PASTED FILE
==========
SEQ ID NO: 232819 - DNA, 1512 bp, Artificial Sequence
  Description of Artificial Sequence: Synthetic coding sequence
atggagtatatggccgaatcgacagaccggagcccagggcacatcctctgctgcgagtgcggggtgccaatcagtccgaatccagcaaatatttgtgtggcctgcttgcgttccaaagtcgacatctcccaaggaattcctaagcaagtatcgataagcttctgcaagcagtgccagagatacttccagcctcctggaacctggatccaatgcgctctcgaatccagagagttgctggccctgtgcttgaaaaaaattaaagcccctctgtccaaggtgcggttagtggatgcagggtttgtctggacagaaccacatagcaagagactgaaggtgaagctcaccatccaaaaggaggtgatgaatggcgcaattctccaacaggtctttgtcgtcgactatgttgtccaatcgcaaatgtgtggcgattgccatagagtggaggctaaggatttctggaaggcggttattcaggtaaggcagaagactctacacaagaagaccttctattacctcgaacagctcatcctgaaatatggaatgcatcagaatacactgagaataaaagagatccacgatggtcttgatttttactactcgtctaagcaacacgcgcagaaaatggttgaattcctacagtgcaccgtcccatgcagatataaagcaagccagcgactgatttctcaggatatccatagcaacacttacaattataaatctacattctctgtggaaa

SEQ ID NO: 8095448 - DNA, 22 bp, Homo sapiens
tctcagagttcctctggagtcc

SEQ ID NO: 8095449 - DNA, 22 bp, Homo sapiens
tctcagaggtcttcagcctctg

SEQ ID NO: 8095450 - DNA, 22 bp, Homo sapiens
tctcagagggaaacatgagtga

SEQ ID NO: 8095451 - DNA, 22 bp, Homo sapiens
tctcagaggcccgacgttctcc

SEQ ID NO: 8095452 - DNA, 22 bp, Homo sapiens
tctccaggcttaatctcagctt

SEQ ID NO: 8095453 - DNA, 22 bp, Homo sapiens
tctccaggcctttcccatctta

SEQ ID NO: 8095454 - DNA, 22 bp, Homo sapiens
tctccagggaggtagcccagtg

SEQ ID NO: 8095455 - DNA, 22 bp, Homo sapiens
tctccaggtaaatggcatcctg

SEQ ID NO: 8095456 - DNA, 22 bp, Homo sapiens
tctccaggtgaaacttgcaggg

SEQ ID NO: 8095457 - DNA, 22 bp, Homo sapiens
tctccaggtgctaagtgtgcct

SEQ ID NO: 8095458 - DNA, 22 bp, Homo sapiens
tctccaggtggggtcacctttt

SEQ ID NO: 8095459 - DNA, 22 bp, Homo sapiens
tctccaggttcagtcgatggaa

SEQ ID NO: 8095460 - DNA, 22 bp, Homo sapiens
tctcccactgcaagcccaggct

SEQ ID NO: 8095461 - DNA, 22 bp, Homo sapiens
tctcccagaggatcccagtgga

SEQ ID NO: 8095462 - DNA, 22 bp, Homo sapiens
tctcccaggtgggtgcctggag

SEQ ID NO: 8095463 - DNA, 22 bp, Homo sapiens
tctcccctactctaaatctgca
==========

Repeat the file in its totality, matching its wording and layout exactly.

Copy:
SEQ ID NO: 232819 - DNA, 1512 bp, Artificial Sequence
  Description of Artificial Sequence: Synthetic coding sequence
atggagtatatggccgaatcgacagaccggagcccagggcacatcctctgctgcgagtgcggggtgccaatcagtccgaatccagcaaatatttgtgtggcctgcttgcgttccaaagtcgacatctcccaaggaattcctaagcaagtatcgataagcttctgcaagcagtgccagagatacttccagcctcctggaacctggatccaatgcgctctcgaatccagagagttgctggccctgtgcttgaaaaaaattaaagcccctctgtccaaggtgcggttagtggatgcagggtttgtctggacagaaccacatagcaagagactgaaggtgaagctcaccatccaaaaggaggtgatgaatggcgcaattctccaacaggtctttgtcgtcgactatgttgtccaatcgcaaatgtgtggcgattgccatagagtggaggctaaggatttctggaaggcggttattcaggtaaggcagaagactctacacaagaagaccttctattacctcgaacagctcatcctgaaatatggaatgcatcagaatacactgagaataaaagagatccacgatggtcttgatttttactactcgtctaagcaacacgcgcagaaaatggttgaattcctacagtgcaccgtcccatgcagatataaagcaagccagcgactgatttctcaggatatccatagcaacacttacaattataaatctacattctctgtggaaa

SEQ ID NO: 8095448 - DNA, 22 bp, Homo sapiens
tctcagagttcctctggagtcc

SEQ ID NO: 8095449 - DNA, 22 bp, Homo sapiens
tctcagaggtcttcagcctctg

SEQ ID NO: 8095450 - DNA, 22 bp, Homo sapiens
tctcagagggaaacatgagtga

SEQ ID NO: 8095451 - DNA, 22 bp, Homo sapiens
tctcagaggcccgacgttctcc

SEQ ID NO: 8095452 - DNA, 22 bp, Homo sapiens
tctccaggcttaatctcagctt

SEQ ID NO: 8095453 - DNA, 22 bp, Homo sapiens
tctccaggcctttcccatctta

SEQ ID NO: 8095454 - DNA, 22 bp, Homo sapiens
tctccagggaggtagcccagtg

SEQ ID NO: 8095455 - DNA, 22 bp, Homo sapiens
tctccaggtaaatggcatcctg

SEQ ID NO: 8095456 - DNA, 22 bp, Homo sapiens
tctccaggtgaaacttgcaggg

SEQ ID NO: 8095457 - DNA, 22 bp, Homo sapiens
tctccaggtgctaagtgtgcct

SEQ ID NO: 8095458 - DNA, 22 bp, Homo sapiens
tctccaggtggggtcacctttt

SEQ ID NO: 8095459 - DNA, 22 bp, Homo sapiens
tctccaggttcagtcgatggaa

SEQ ID NO: 8095460 - DNA, 22 bp, Homo sapiens
tctcccactgcaagcccaggct

SEQ ID NO: 8095461 - DNA, 22 bp, Homo sapiens
tctcccagaggatcccagtgga

SEQ ID NO: 8095462 - DNA, 22 bp, Homo sapiens
tctcccaggtgggtgcctggag

SEQ ID NO: 8095463 - DNA, 22 bp, Homo sapiens
tctcccctactctaaatctgca